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We were in the Olympic Park and then walked back towards the Stratford Centre and noticed an area completely sealed off and boarded up. But something caught my eye. The clock tower. I said to my friends "Hey, doesn't that look like the clock tower from BTTF? Maybe this is where that secret cinema thing is on?" We walked on and paid no more attention to it. Guess I was right! Would have been nice to see for a few seconds, but don't think the high price per person to go in and walk around it and see the film was worth it. Still, horses for courses and all that.
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Old 03-08-2014, 21:47
blueisthecolour
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I find people's concern about the price confusing. 50 is pretty standard price for any type of elaborate entertainment in London, whether it be a football game at Stamford bridge, a show on the west end or an event at the O2. I can easily spend 50 just going down the pub for the evening. I appreciate it won't be everyone's cup of tea but to say it's too expensive is a bit narrow minded. I'm not a fan of One Direction but I wouldn't think bad of anyone that paid 50 to go and watch them.
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Old 10-08-2014, 13:26
blueisthecolour
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Just wanted to say that I went to this at the weekend and it was amazing. The attention to detail and the ability to immerse you in the Hill Valley world was outstanding. I think we're going to see a lot more of this kind of thing with popular films as it takes movie watching to a another level.
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Old 01-09-2014, 01:42
MKB
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I'm a fan of both cinema and immersive theatre, so decided to deflower my Secret Cinema virginity, get myself costumed up, and head on down to Hill-Valley-cum-Westfield-Stratford-car-park.

And what a let down.

I had forgotten quite how good the film itself was/is, but that could not make up for the amateurish, shoddy and hugely overpriced hooplah surrounding it.

One or two of the acting vignettes pre-show might have scored a three-star review if one was feeling charitable, but most were wearisome and unengaging and lacking in any drama. The majority of the activities were merely more opportunities to part the captive audience from their money.

The cardboard cut-out sets did not look any better close-up than in the leaked long-shot pictures. It was clear little effort had been taken with gathering/making props and many were out of place both time-wise and geographically. The set designers need to take some lessons from Punchdrunk.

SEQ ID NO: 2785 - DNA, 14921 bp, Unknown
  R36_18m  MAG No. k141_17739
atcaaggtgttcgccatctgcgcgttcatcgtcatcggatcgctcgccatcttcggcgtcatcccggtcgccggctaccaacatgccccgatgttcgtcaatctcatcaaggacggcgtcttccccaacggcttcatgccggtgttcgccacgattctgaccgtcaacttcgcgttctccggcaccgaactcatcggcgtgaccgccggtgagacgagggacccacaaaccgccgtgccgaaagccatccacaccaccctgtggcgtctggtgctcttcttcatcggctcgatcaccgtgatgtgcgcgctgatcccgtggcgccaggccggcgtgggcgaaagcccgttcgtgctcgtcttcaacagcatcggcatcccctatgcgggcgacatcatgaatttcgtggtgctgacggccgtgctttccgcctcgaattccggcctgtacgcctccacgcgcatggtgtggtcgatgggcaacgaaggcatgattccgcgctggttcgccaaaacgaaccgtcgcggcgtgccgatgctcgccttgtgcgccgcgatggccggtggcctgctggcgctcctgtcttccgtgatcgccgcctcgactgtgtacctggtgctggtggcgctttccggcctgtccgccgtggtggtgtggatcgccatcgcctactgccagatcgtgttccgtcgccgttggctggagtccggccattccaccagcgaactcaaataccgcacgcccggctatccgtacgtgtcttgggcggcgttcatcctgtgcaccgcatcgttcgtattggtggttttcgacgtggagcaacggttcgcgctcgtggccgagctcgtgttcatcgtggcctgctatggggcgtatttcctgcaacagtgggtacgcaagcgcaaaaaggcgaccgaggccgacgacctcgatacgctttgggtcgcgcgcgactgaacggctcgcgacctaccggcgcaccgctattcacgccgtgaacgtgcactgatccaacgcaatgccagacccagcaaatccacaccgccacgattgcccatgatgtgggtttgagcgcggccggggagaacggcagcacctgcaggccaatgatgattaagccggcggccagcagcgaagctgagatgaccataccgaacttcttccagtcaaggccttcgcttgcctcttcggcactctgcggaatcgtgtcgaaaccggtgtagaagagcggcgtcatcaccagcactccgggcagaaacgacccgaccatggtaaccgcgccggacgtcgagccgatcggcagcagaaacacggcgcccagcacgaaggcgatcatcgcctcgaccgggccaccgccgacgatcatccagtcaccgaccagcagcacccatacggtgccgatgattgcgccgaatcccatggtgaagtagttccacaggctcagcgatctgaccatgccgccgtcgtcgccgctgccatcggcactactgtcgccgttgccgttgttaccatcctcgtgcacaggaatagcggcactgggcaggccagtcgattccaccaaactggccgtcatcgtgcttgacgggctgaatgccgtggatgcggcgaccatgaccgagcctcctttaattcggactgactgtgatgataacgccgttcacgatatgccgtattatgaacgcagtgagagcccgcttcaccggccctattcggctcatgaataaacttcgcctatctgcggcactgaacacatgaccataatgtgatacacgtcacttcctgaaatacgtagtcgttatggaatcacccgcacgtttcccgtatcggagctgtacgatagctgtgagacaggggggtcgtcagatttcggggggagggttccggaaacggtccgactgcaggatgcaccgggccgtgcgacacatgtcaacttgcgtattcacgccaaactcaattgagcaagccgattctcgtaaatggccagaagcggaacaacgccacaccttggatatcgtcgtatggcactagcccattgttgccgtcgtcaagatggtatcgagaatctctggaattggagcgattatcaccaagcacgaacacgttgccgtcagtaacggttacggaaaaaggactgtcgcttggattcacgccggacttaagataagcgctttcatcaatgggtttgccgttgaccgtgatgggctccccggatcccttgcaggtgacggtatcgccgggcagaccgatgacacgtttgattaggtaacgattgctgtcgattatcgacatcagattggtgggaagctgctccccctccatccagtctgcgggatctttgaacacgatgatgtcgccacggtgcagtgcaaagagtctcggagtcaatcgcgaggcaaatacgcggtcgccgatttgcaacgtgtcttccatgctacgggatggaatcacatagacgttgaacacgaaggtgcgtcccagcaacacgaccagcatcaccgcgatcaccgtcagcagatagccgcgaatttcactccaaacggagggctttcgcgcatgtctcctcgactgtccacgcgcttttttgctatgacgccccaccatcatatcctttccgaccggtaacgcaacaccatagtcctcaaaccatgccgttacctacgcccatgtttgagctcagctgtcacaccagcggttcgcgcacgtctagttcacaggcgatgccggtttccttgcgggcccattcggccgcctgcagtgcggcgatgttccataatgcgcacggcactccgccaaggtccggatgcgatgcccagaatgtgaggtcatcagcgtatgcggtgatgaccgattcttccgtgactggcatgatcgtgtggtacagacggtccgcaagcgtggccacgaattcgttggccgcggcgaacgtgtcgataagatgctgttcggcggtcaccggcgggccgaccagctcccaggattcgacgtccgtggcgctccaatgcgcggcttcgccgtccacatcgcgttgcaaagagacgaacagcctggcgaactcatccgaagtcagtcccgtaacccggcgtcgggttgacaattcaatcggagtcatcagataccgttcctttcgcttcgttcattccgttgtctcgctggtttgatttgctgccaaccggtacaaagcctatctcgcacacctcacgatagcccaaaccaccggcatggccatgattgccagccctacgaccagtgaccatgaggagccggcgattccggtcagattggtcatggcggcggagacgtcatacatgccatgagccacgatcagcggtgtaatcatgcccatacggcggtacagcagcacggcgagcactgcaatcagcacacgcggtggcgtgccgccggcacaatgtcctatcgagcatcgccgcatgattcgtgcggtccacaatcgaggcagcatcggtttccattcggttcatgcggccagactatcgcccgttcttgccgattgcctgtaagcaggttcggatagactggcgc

I suppose the way in which the cancelled shows were communicated and handled, the refusals to refund booking fees, and the outright misinformation fed to the press should have set one's expectation as to the moral compass of those involved in Secret Cinema, but I was not quite prepared for the extent to which they would seek to fleece punters further. (Lager was sold at the equivalent of 6.88/pint, for example, and even the two small fairground rides were not covered by the 55 entrance price.)

While the organisers obsessed over banning mobile phone usage, they were happy to allow the equally anachronistic usage of disposable cameras. For a fee of course.

Reserving a pitch on the lawn without actually being present, was ok apparently too. On arrival, the whole of the left lawn was already covered in huge vacated picnic blankets to reserve space. The organisers evidently considered this behaviour acceptable. Those without a blanket were automatically at the back of the "queue" for lawn space when the film started.

Arriving, as instructed, at 17:15 (this past Saturday) proved to be a mistake, because by 18:30 tolerance was waning and boredom was setting in, with another 2.5 hours to kill before the film would finally start. Maybe it was a good thing that the promised post-film activity that would carry on until midnight did not materialise? It was all over by 23:00.

As for positives, the film itself has stood the test of time, and is great fun. Most of the crowd were in costume -- with some even attempting American accents -- and their enthusiasm for the movie was tangible. The screen image was well defined with sound quality as good as one can expect outdoors.

The activity around the square during the film, to mirror what is happening on screen, ultimately proved more of a distraction than an enhancement, and the pyrotechnics were remarkably lame.

Given that most exhibitors get their knuckles rapped by the distributor if they do not play out the end credits, I am surprised Universal were ok with Secret Cinema amateurishly morphing to a projected still after just a few seconds of credits while simultaneously cutting the soundtrack.

Overall rating - Two stars out of five.
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Old 01-09-2014, 10:04
blueisthecolour
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Sorry to hear that you didn't enjoy it MKB. Me and my friend found it a fantastic night out and most of the people posting on the FB page said the same (though there are a few people who share your views).

I suppose it's all about what you're expecting from the experience. For us it was just a bit of fun to immerse yourself in a different world for a while and see scenes from the movie played out in real life before your eyes. Talking to 'Lorraine' about Biff, walking round Docs house, going to the Enchantment under the sea dance, the 80s bar, watching 'Marty' skateboarding round the site whilst Biff and his crew chasing him in a period car, seeing the Doc abseil down from the clock tower at the same moment as he does in the film. I just loved all of it.

I didn't have an issue with saving your space on the lawn as otherwise people would have had to sit there for hours rather than enjoying everything going on around them.